This week I thought it would be fun to focus on the topic of money and relationships. Maybe it’s the stress of wedding planning (and constantly re-working our budget), or the fact that my BF and I have just celebrated our first anniversary of living together, but money and everything it encapsulates has been very present in our relationship over this past year.
When I met my BF five and half years ago, I was a poor student and he had just graduated college. We were broke, in love, and besides talking about how we can’t wait to make more than $8 an hour, we never really talked about money. When we moved in together several years later, we were finally forced to talk about it because for the first time in our relationship we had to split more than just a dinner bill.
Now, this may shock you, but I love talking about money. I could honestly segue it into any conversation and have to try really hard not to give unsolicited advice when the subject does come up. My BF on the other hand isn’t as enthusiastic about personal finance as I am and only likes to talk about it when it’s absolutely necessary.
So how do we talk about money without killing the romance? Well, first things first, we never talk about bills or money when it’s an especially romantic time. If you’re about to put the moves on your lad or lass, don’t kill things by saying “I just remembered our cable bill is due tomorrow!” Save it for the next day, that bill isn’t going anywhere.
Secondly, we try to be conscientious of the other person’s feelings about money. For instance, maybe your partner feels uncomfortable talking about how much or little money they make compared to you, or maybe making lots of money isn’t as much of a priority to them as it is to you. It’s definitely important to find out what type of money person your partner is (saver, spender, billionaire, etc…) before diving into a serious money talk. Once you know their sentiments about finances, make sure to be respectful. It’s when you aren’t respectful and disregard their feelings that arguments can occur.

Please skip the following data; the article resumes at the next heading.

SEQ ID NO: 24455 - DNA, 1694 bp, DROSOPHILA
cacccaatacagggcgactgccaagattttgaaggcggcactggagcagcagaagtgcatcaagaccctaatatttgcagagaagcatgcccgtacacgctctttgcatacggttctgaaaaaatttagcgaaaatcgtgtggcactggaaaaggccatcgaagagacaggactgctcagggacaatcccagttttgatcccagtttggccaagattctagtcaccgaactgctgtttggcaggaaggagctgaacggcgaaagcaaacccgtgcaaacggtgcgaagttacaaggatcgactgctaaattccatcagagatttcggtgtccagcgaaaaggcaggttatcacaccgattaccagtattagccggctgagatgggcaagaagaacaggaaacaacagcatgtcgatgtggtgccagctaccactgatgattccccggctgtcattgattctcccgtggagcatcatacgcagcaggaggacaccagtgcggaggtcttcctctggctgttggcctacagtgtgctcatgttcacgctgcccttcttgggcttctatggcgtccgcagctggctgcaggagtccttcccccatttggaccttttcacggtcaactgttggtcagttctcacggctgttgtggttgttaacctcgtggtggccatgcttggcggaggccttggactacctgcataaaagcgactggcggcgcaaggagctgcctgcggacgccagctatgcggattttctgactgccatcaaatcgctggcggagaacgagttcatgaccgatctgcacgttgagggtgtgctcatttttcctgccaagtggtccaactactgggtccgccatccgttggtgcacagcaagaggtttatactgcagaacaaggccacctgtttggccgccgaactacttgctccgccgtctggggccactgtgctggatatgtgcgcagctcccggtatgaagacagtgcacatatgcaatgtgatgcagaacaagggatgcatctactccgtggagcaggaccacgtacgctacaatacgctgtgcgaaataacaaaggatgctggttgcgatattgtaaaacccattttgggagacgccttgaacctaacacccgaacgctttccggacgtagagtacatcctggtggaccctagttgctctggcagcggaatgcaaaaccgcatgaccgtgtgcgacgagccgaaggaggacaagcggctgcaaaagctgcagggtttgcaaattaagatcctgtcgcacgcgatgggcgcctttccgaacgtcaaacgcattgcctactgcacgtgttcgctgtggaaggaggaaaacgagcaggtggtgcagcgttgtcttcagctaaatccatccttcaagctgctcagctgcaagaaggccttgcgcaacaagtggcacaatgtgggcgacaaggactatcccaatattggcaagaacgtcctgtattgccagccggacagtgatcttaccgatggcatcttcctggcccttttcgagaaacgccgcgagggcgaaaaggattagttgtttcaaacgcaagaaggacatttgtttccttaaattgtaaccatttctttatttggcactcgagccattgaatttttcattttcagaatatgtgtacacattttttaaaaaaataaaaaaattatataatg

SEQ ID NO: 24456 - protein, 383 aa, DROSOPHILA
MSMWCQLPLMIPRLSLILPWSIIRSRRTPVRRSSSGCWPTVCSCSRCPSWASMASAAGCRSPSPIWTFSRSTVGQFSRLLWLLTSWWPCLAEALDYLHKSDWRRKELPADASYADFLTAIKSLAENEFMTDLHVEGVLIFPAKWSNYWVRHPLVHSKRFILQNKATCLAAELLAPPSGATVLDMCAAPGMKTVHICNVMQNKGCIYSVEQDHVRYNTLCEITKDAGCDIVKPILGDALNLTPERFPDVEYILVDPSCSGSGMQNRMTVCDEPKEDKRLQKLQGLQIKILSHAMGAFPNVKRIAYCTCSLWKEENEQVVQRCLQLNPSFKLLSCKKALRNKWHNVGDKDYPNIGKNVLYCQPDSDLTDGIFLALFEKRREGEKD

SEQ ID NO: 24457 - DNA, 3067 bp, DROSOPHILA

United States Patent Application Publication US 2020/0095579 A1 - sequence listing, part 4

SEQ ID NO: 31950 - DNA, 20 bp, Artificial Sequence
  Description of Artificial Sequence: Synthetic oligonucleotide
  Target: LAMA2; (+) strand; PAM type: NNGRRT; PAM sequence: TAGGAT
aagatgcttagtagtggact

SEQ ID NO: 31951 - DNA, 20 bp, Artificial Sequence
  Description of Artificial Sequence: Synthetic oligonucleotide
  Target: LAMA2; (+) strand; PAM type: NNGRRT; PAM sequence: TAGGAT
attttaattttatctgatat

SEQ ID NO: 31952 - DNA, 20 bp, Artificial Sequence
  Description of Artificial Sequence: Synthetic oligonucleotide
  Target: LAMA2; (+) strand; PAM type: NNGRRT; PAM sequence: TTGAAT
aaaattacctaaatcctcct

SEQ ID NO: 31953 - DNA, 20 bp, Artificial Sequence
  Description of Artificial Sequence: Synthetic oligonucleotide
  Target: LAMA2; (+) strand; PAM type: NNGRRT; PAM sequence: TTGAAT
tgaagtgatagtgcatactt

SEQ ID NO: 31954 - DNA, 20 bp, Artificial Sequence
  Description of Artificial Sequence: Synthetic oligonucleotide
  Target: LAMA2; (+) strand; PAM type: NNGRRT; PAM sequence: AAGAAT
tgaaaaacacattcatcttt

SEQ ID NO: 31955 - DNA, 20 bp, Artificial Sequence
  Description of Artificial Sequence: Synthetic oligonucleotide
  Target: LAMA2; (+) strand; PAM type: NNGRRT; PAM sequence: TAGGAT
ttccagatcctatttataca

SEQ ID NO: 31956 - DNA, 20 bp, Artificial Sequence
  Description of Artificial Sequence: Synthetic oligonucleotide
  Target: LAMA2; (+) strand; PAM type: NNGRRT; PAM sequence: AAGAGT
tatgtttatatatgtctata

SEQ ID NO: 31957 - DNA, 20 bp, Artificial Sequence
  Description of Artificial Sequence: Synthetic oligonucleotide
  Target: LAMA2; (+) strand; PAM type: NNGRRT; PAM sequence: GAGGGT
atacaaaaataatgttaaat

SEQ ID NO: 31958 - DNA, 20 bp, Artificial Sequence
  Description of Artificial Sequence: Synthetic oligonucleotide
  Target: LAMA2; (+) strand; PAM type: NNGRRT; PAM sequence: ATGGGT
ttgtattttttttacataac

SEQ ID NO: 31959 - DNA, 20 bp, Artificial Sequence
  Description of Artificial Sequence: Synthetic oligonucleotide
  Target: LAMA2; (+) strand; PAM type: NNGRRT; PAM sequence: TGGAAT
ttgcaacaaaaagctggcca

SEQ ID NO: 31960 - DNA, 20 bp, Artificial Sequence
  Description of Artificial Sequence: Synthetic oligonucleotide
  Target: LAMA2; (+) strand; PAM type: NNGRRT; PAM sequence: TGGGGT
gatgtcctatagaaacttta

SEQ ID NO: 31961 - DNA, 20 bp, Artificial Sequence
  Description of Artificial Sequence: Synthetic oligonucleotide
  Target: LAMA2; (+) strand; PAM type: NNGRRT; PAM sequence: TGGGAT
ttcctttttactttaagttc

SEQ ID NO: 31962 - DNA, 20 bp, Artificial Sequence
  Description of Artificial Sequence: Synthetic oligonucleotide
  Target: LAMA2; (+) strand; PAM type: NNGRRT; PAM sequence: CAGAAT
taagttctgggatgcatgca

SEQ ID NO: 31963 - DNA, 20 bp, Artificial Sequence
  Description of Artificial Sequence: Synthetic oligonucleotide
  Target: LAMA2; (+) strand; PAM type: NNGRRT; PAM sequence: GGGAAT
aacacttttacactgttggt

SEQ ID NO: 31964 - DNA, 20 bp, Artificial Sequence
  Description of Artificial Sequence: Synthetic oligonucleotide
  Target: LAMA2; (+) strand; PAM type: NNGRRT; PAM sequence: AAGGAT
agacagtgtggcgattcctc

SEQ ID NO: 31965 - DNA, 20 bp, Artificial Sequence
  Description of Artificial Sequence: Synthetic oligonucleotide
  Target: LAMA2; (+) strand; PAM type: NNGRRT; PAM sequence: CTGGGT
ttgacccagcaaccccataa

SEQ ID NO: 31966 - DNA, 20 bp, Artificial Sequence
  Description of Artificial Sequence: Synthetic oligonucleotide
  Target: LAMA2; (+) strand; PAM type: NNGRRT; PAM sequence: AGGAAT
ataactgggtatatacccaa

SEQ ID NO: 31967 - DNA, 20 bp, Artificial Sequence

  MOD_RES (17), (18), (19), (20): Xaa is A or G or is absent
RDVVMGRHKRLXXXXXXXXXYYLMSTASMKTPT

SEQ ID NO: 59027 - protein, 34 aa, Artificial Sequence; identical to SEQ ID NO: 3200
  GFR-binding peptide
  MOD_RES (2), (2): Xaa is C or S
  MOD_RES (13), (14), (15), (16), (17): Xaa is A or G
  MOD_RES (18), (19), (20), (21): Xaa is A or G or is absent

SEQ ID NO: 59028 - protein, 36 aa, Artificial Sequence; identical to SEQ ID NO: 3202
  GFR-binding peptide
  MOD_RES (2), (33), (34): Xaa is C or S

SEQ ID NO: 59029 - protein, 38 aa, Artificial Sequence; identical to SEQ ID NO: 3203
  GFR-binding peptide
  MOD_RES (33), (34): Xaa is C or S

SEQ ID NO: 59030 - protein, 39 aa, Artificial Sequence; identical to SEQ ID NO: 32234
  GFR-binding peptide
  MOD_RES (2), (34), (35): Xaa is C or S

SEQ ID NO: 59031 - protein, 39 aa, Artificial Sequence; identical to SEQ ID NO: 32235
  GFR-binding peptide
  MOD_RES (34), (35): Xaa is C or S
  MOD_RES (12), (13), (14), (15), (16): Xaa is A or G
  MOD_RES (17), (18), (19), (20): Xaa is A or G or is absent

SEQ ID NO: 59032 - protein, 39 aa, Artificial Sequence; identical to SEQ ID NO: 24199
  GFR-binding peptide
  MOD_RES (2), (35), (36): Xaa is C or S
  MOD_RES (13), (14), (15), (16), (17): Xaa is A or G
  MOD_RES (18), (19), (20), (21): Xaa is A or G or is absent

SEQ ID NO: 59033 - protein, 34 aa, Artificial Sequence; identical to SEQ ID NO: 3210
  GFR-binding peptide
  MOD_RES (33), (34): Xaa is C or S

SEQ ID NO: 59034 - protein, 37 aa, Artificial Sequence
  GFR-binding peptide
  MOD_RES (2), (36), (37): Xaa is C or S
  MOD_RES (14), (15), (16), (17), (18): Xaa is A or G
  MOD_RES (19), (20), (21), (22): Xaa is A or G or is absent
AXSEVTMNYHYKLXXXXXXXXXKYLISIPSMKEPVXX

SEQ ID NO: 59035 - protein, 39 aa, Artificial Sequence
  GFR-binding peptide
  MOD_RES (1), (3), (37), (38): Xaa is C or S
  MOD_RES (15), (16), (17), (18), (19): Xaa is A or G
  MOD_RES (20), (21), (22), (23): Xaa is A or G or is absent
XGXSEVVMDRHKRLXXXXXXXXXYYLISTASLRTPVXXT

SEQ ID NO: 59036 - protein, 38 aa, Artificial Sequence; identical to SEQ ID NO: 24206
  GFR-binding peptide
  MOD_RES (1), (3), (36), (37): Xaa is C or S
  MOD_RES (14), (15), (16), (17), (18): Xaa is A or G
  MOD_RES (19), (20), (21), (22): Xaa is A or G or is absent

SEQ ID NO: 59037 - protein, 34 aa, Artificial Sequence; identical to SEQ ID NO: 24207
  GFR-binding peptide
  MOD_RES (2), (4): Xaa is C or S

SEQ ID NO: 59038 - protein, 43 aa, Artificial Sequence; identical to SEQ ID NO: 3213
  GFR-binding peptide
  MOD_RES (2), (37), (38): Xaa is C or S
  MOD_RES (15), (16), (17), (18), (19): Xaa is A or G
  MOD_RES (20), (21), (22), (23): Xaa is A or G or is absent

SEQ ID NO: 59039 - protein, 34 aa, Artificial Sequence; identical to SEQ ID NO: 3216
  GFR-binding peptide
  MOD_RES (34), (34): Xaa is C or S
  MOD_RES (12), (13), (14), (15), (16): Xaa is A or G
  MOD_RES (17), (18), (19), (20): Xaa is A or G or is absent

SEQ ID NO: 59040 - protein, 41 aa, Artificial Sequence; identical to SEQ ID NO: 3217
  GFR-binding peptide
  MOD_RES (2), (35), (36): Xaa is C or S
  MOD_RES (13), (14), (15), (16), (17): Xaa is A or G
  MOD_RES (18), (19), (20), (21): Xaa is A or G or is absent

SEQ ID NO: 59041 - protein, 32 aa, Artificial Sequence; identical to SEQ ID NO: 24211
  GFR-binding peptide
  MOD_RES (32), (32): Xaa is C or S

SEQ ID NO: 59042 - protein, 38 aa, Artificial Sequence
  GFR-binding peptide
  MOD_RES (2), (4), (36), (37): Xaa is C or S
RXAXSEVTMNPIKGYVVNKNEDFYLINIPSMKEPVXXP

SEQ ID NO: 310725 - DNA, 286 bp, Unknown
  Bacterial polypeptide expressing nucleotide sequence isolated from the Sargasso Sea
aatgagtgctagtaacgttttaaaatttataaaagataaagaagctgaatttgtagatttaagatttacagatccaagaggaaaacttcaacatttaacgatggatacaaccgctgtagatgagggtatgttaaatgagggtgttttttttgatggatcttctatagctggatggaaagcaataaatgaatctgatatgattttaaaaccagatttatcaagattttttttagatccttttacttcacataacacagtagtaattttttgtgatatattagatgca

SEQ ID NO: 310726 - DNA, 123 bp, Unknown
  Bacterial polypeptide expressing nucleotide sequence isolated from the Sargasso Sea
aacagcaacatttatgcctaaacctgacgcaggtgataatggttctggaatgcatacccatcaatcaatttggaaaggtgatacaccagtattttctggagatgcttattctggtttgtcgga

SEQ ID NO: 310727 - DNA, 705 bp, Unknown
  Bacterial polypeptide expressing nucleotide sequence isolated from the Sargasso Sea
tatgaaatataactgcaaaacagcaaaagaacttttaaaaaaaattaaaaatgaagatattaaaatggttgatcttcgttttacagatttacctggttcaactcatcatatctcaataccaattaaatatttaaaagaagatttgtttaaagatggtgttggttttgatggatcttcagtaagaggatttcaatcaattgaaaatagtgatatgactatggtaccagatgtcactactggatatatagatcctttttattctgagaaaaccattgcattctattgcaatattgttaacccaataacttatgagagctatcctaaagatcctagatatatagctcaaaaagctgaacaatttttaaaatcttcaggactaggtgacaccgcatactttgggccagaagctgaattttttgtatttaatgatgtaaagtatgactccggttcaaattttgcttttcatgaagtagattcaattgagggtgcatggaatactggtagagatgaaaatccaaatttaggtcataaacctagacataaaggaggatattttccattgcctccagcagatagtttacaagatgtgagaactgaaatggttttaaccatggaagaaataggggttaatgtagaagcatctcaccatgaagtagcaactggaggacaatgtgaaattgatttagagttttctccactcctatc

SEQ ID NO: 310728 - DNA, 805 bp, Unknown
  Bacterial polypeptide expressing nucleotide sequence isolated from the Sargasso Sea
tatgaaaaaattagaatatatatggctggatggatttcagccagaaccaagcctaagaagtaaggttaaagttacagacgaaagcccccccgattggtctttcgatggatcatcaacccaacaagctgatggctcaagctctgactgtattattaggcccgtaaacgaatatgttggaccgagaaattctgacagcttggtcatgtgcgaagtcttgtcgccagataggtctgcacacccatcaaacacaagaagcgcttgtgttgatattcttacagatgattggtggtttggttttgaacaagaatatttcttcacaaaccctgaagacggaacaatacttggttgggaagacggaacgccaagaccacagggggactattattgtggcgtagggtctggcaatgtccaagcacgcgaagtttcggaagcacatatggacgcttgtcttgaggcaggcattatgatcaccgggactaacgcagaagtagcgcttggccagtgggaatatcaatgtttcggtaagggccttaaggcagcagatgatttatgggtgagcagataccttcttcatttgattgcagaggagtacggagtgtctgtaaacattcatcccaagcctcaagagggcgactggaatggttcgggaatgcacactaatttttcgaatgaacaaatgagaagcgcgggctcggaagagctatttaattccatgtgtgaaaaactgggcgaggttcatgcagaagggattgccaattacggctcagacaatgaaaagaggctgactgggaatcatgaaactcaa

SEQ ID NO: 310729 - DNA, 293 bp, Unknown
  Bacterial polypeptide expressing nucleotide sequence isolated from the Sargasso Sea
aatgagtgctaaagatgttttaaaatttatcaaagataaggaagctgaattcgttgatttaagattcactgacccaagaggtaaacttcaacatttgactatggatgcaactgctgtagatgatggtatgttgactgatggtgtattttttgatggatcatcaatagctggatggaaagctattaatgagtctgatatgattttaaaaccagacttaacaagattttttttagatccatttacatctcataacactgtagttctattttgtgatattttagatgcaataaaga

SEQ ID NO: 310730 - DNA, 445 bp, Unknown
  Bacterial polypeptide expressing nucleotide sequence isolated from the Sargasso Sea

Thirdly, we don’t go dutch anymore. There was a time in our relationship when my BF and I split the bill whenever we went out to dinner. I know it sounds silly, but at a certain point it seemed like we were less on a date and more friends going out for dinner. The simple gesture of offering to pay for the other person’s dinner is more important to keeping the romance alive than you may think.
Lastly, we limit the amount of time we talk about money. If you need to have a conversation about paying the bills or a new expense that has come up, instead of talking about these things every time they come up, set aside an evening every week to discuss everything. Why not go through all of your finances together every Sunday evening? I remember reading about doing this in a book and it suggested getting together once a week over coffee and some sweet treat to make the whole experience more enjoyable for everyone. My BF may not be as excited as I am to talk about our finances, but I know he’d have a hard time turning down a latte and a piece of cake if it was part of the deal.
How do you talk about money with your partner while keeping the romance alive?
-Mo’ Houses out!